Prosecutor says PG&E has lost its way

SAN FRANCISCO (BCN)—A prosecutor told a jury in the criminal trial of PG&E Co. in federal court in San Francisco today that “PG&E is a company that lost its way.”

“For years, they forced engineers to act more like business people than engineers,” Assistant U.S. Attorney Jeffrey Schenk said in his closing arguments.

The utility “made a decision to maximize profits instead of prioritizing safety,” Schenk said.

The final arguments in the trial began this morning after nearly five-and-a-half weeks of testimony in the court of U.S. District Judge Thelton Henderson.

PG&E’s defense was scheduled to present the company’s side in the early afternoon, to be followed by a prosecution rebuttal.

PG&E is charged with one count of obstructing a National Transportation Safety Board probe into a fatal pipeline explosion in San Bruno in 2010 and 11 counts of violating pipeline record-keeping and maintenance requirements of the federal Natural Gas Pipeline Safety Act.

The rupture and explosion of a high-pressure natural gas transmission pipeline and ensuing fire on Sept. 9, 2010, killed eight people and leveled a neighborhood.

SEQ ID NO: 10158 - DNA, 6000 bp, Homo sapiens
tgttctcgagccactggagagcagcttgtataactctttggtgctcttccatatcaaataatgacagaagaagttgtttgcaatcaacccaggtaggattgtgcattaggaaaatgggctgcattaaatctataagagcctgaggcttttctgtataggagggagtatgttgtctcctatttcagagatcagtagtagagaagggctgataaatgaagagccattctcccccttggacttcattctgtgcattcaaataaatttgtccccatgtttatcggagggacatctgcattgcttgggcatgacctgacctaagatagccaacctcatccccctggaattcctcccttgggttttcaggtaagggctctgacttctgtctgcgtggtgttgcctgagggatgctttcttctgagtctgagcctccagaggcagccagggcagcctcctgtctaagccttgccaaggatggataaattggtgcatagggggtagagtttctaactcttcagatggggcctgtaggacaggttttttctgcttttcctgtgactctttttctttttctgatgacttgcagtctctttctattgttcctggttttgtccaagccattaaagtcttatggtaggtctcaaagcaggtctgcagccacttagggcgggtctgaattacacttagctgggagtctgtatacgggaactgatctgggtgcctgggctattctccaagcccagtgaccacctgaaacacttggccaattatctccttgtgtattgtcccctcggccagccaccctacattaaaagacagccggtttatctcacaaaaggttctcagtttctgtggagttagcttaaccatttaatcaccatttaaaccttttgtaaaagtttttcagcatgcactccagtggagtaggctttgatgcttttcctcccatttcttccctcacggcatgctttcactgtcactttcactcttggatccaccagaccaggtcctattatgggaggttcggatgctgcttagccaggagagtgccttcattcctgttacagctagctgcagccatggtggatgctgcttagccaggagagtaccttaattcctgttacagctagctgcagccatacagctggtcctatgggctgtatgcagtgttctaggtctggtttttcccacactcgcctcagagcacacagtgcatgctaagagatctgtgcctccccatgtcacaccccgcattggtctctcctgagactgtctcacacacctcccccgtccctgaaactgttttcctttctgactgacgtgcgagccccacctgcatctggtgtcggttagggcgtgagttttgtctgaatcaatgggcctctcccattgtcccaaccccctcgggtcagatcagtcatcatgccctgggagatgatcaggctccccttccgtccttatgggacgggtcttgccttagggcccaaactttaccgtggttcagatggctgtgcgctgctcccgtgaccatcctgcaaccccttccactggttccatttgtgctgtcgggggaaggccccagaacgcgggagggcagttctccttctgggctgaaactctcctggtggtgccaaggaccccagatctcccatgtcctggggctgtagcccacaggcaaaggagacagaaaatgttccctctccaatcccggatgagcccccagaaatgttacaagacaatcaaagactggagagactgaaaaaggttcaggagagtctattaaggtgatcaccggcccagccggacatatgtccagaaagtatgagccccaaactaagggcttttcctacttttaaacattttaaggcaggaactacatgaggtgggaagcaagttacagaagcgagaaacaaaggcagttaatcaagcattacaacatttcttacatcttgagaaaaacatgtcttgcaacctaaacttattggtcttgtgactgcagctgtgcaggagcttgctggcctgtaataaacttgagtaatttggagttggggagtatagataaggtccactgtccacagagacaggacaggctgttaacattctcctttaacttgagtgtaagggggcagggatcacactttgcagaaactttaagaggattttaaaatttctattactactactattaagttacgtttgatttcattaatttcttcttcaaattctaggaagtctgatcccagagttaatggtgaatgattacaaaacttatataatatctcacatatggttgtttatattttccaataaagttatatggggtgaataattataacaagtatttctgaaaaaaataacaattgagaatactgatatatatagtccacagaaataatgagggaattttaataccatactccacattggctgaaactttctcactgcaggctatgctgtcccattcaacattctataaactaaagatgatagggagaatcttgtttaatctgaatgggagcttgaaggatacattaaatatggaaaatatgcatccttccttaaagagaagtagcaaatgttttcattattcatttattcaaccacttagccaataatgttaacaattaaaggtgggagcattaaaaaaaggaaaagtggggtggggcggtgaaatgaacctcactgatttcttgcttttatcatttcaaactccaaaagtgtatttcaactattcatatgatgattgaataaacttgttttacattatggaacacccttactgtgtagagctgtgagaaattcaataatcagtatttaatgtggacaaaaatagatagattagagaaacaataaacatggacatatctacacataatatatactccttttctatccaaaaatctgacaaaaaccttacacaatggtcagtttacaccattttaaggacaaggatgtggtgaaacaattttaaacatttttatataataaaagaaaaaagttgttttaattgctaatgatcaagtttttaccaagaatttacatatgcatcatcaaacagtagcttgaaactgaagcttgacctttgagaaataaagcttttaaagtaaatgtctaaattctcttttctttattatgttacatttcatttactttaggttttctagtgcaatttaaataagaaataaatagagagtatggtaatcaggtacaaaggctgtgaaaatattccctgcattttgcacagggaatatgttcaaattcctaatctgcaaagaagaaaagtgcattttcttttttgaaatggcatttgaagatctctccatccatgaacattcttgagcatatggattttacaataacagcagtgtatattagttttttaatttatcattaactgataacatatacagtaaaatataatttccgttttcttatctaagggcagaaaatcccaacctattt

The NTSB determined the cause was a defectively welded seam in a pipeline segment that was incorrectly listed as seamless in PG&&E records and not properly tested or repaired.

Schenk reminded the jury, however, that PG&E is not on trial for causing the explosion, but rather for allegedly misleading the NTSB about its testing policy and violating the safety law requirements.

Defense attorneys said at the opening of the trial that PG&E workers never intentionally evaded regulations or safety measures.

But Schenk said today that prosecutors don’t have to prove that PG&E managers and engineers intended to hurt anyone, but rather only that they knowingly and willfully evaded the testing and repair rules.

He alleged PG&E intentionally developed a testing policy that violated the law by avoiding expensive high-pressure water tests on pipelines that might contain manufacturing risks.

The engineers were “making decisions on data they knew was wrong and choices they knew were fixed,” Schenk said.

PG&E was originally charged with 12 counts of violating the safety law, but prosecutors today dropped one of those charges, so the final charges are one count of obstruction and 11 counts of safety law violations.

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